iGR study finds small cell power requirements vary widely

There is a surprising lack of standards for powering small cells, according to a new study by iGR that looks at how small cells are powered and what types of backup power solutions are available for them.

There are "no norms or averages for powering small cells," said iGR's Iain Gillott in an interview with FierceInstaller. Requirements vary widely by carrier and by municipality and power sources vary by what is available at the location of the small cell. In many cases, there are options built into a small cell.

Small cell installers are accustomed to backhaul costs influencing their ability to install and operate a small cell but Gillott said that power requirements play a key role in the cost of a small cell solutions as well.

Another issue is the question of backup power solutions for small cells. Gillott pointed out that even if a small cell is not functioning, macro cells still provide general coverage in a given area, making backup solutions less crucial. However, backup power is still desirable.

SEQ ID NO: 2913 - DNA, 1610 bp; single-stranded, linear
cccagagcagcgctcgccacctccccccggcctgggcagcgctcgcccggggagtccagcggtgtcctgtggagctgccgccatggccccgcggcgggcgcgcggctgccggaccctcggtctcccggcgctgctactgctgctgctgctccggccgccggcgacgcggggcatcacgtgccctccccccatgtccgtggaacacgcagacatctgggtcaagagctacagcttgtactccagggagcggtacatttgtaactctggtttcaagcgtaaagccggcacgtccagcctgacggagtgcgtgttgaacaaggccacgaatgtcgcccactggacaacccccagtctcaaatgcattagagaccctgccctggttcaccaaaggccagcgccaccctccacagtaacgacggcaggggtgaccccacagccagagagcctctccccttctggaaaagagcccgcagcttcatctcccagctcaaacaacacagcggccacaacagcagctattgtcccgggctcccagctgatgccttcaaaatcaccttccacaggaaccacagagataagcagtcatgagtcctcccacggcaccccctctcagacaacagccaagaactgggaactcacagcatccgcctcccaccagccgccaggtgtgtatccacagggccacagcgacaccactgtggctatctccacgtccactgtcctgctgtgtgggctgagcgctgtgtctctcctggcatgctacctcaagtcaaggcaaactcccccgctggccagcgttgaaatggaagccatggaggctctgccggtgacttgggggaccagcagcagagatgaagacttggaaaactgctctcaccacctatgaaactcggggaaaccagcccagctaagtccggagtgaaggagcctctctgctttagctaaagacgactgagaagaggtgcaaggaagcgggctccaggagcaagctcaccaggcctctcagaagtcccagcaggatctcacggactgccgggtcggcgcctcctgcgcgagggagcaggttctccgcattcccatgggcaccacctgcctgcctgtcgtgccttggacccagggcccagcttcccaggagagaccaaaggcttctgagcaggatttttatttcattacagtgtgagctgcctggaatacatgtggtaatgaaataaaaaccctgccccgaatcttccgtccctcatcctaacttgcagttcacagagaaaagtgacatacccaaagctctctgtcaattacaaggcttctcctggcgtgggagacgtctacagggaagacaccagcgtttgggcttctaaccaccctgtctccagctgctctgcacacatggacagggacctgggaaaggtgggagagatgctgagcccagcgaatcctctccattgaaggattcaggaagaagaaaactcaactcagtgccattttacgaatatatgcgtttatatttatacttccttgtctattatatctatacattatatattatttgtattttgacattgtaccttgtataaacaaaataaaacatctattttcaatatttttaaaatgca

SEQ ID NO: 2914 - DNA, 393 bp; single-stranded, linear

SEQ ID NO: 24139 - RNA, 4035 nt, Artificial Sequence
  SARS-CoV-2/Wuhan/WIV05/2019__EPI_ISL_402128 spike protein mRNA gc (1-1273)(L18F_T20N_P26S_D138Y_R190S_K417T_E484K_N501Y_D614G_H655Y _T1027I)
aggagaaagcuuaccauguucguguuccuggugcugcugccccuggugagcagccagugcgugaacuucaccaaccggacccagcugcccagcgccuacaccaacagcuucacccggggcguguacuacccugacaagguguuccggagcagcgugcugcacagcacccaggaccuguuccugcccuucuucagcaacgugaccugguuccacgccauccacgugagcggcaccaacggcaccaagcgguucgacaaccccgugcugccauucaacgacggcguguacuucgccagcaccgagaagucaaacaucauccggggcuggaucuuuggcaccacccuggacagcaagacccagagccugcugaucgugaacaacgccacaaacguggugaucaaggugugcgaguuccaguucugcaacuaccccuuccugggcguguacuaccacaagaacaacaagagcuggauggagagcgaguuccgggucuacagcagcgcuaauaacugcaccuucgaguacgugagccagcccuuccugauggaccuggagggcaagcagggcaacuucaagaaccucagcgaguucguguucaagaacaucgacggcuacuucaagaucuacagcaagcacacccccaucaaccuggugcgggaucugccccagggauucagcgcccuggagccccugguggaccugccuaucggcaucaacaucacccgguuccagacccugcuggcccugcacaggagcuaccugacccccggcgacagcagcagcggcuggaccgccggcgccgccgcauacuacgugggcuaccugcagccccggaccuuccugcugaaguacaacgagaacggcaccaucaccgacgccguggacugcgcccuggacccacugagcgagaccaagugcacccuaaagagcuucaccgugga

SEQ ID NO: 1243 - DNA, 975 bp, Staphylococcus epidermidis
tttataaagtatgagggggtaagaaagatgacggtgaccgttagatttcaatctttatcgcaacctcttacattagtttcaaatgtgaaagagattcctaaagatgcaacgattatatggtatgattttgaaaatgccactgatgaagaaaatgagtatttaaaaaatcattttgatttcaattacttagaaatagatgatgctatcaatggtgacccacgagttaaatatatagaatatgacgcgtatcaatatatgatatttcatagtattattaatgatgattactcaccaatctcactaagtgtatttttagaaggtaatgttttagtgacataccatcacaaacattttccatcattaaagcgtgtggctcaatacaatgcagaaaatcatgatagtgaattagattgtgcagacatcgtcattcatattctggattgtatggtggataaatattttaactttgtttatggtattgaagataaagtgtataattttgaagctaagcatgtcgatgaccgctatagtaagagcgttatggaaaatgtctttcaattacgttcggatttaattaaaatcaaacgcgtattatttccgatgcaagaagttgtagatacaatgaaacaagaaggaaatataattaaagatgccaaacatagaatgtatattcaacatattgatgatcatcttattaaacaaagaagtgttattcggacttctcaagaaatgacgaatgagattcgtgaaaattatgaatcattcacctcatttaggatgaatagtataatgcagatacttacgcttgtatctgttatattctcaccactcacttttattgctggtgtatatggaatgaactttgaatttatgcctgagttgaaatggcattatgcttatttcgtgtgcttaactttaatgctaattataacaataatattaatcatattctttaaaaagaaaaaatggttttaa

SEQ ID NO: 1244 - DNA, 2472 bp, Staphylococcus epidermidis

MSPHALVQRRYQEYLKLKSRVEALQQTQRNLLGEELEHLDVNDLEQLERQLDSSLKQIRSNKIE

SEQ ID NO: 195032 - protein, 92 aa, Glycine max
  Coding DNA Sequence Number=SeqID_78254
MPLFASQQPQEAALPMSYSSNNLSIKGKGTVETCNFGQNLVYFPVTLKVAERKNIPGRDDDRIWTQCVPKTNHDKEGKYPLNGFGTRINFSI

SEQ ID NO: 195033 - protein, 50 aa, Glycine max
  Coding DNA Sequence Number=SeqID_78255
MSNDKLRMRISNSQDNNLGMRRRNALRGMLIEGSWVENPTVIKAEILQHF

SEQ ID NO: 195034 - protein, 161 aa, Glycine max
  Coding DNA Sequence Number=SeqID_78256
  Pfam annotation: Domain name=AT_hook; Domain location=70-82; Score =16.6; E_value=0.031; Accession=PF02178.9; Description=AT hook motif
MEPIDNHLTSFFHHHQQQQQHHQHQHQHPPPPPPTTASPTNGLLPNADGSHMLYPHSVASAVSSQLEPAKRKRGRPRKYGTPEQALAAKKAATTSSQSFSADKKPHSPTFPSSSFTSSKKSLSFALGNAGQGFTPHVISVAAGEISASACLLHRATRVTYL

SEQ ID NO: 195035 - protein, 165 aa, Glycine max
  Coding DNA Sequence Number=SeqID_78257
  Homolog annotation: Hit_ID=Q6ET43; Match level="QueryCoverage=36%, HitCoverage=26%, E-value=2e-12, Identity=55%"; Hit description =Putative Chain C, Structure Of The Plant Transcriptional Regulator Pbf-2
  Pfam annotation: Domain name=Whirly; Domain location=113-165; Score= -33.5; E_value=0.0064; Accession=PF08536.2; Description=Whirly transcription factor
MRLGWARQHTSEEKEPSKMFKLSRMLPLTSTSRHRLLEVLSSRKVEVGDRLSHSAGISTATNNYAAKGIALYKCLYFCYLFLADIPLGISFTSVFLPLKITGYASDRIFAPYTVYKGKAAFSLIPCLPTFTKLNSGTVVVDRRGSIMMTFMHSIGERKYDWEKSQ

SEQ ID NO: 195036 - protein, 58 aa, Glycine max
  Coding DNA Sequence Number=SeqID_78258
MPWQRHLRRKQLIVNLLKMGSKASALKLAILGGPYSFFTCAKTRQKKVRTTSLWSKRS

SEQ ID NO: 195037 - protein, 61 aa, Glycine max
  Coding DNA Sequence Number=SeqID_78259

But providing backup power for small cells is complicated because small cells are often located on utility poles, making them difficult to access. Additionally, it's not always aesthetically appealing to have batteries located near small cells because it's "the equivalent of four car batteries" on the pole, Gillott said. Subtler and less obvious solutions are necessary, he added.

Gillott also said that some municipalities allow small cell installers to use the power solution for streetlights, while other municipalities do not allow this.

Power over Ethernet (PoE) is a cost-effective way of powering indoor small cells, Gillott said. However, he added that PoE is very limited in terms of wattage. Increasingly, PoE is an option for indoor deployments, he said.

For more:
- see this release

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